Clearly the leading light of this whole project was Mr Cecil Gee (1875-1970). He had been an accomplished sportsman since boyhood, for whilst at Oakham School he was a fast runner, and excelled in Cricket and Rugby, gaining his Colours and playing in the First Teams of both sports. Records in the School archives state that in 1893 he was top of the list for Cricket Bowling averages and during that winter’s Rugby was “an excellent forward both in the scrum and in the open. By his energetic Captaincy he has done much towards making the football season a success”. Furthermore, as a school prefect and a member of the Games Committee he was showing himself to also be a good organiser.
But Mr Gee was also passionately dedicated to supporting sport for others. Later on, when a Trustee of his old school, he gave many gifts, including (with his brother, Percy) funds to build its new Sports Pavilion. He was a Vice-President of the Leicestershire County Cricket Club, once taking all ten wickets in a match for the Leicestershire Gentlemen. However his greatest honour was going to Buckingham Palace to receive the Duke of Edinburgh’s President’s Certificate for his long service to the National Playing Fields Association, both nationwide and as Chairman of his local committee.
In the First World War Cecil had served in the Leicestershire Territorials, was Chairman of its Association, and Chairman of the local Finance Committee of the Prisoners of War Comforts Fund. As a Director of Stead & Simpson, in 1912 he had formed his own works fire brigade which led to a 37-year spell as President of the Leicestershire Private Fire Brigades Association. Mr Gee was also a Lay Canon of Leicester Cathedral, Treasurer of the new Diocese of Leicester, and a member of the National Church Assembly; President of the Leicestershire Rose Society and the Leicestershire Flower Lovers’ Guild; President of Rothley Conservative Association and Rothley British Legion; and Chairman for 22 years of the Leicester branch of the NSPCC. Cecil Gee also played a significant part in the early years of Leicester’s new University College – he was a life member of its Court of Governors, a Council member, its Treasurer (1945-59), and served on various committees.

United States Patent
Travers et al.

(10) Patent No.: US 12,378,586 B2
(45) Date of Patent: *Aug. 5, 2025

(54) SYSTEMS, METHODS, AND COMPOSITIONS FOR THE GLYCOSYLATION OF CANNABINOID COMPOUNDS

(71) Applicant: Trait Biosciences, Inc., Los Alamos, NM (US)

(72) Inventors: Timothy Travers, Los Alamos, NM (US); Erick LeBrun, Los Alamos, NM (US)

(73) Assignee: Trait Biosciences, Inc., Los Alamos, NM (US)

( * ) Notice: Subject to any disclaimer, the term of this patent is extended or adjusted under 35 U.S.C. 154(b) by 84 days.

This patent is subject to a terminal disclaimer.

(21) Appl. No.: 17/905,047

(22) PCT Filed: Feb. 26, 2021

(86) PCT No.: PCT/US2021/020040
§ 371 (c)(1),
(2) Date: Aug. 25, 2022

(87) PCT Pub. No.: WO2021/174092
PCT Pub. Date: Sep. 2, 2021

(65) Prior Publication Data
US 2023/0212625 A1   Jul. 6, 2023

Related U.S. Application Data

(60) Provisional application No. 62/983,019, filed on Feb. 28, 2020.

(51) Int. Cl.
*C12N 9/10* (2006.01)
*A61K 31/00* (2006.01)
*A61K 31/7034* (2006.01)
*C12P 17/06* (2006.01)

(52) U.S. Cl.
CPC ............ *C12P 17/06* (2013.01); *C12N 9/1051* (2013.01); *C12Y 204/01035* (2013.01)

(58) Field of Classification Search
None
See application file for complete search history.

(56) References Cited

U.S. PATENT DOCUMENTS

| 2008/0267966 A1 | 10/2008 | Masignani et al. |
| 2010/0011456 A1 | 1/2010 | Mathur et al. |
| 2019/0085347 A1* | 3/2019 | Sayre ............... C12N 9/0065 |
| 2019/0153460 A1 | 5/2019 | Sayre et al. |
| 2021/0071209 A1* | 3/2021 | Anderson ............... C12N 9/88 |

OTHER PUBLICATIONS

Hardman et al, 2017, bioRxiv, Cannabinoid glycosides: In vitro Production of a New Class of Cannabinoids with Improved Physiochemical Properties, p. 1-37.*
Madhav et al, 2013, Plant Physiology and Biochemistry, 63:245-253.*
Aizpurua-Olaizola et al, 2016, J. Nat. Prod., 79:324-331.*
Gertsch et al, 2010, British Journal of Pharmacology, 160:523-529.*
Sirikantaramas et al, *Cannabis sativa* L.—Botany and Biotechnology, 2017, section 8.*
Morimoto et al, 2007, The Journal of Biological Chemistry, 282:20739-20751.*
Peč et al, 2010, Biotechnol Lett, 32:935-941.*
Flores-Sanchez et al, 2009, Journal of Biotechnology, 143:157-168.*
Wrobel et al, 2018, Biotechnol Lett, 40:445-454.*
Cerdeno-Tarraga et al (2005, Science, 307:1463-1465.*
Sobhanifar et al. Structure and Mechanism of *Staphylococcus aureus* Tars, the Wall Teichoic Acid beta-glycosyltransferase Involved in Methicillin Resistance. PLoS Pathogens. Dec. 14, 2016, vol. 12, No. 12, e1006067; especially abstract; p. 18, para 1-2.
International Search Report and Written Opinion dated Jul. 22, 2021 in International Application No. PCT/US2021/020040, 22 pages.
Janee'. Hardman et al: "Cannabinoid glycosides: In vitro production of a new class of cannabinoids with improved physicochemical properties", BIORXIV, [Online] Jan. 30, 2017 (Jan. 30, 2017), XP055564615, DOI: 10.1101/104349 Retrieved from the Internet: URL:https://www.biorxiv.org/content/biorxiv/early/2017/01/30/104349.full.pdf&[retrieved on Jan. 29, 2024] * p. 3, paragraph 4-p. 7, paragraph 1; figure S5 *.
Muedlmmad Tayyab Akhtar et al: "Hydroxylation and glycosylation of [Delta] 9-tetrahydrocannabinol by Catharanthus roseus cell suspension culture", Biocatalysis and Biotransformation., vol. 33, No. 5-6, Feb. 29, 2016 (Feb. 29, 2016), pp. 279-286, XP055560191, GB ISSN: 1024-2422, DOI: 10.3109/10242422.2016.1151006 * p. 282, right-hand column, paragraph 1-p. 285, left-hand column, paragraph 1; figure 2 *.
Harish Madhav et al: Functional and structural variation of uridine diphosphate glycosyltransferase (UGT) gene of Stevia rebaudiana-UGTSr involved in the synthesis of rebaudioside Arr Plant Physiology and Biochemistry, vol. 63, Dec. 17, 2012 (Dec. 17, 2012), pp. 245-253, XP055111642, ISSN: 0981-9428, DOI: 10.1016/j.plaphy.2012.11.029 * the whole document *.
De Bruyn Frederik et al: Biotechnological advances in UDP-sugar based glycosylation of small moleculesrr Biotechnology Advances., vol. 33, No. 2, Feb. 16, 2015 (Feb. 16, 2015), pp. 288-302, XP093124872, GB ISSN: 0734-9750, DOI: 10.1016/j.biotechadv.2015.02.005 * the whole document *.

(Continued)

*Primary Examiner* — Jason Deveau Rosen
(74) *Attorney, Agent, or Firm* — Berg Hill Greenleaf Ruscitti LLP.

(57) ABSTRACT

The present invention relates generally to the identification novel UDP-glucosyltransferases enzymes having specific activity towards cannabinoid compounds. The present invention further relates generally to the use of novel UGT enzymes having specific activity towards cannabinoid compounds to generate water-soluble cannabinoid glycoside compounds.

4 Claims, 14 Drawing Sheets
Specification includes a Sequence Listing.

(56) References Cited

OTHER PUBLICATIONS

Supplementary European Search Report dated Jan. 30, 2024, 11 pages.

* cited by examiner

The College Annual Report for 1929 affirmed that
The playing fields have continued to be developed. A second pavilion has been erected and the thanks of the Committee are due to Mr. Cecil Gee and the Playing Fields [Sub-] Committee both for funds they have raised and personal interest shown. The extinction of debt on the new pavilion amounted to £7.19s. 8d and was paid off by contributions from the College Students’ Union, its Athletic Union and the Women Students’ Hockey Club. From 1927 onwards most editions of the students’ magazine Wave reported on the various sports, often with light-hearted comments about rivalry between the men’s and women’s teams, some witty banter about various individual’s prowess on the sports field, and the profits received from the College Dance. Clearly by now, thanks to the creation of these facilities, a good deal of competitive sport, as well as matches against other institutions, was being thoroughly enjoyed and fun had. And it is clear that Mr Cecil Gee, with his generous funding, organisational skills and enthusiasm, was the driving force behind the College Sports Field project and his heartfelt commitment had brought the pleasures and fulfilment of sporting activities to many young people at the University College and elsewhere.University College Leicester, Annual Report, 1928.
ULA/P/AR, Annual Reports
ULA/PCB1, Press Cuttings Books vol. 1.
ULA/P/MN/6, Wave student magazines
Oakham School archives
Gee private family archives
Barber, John (1983) The Story of Oakham School. Sycamore Press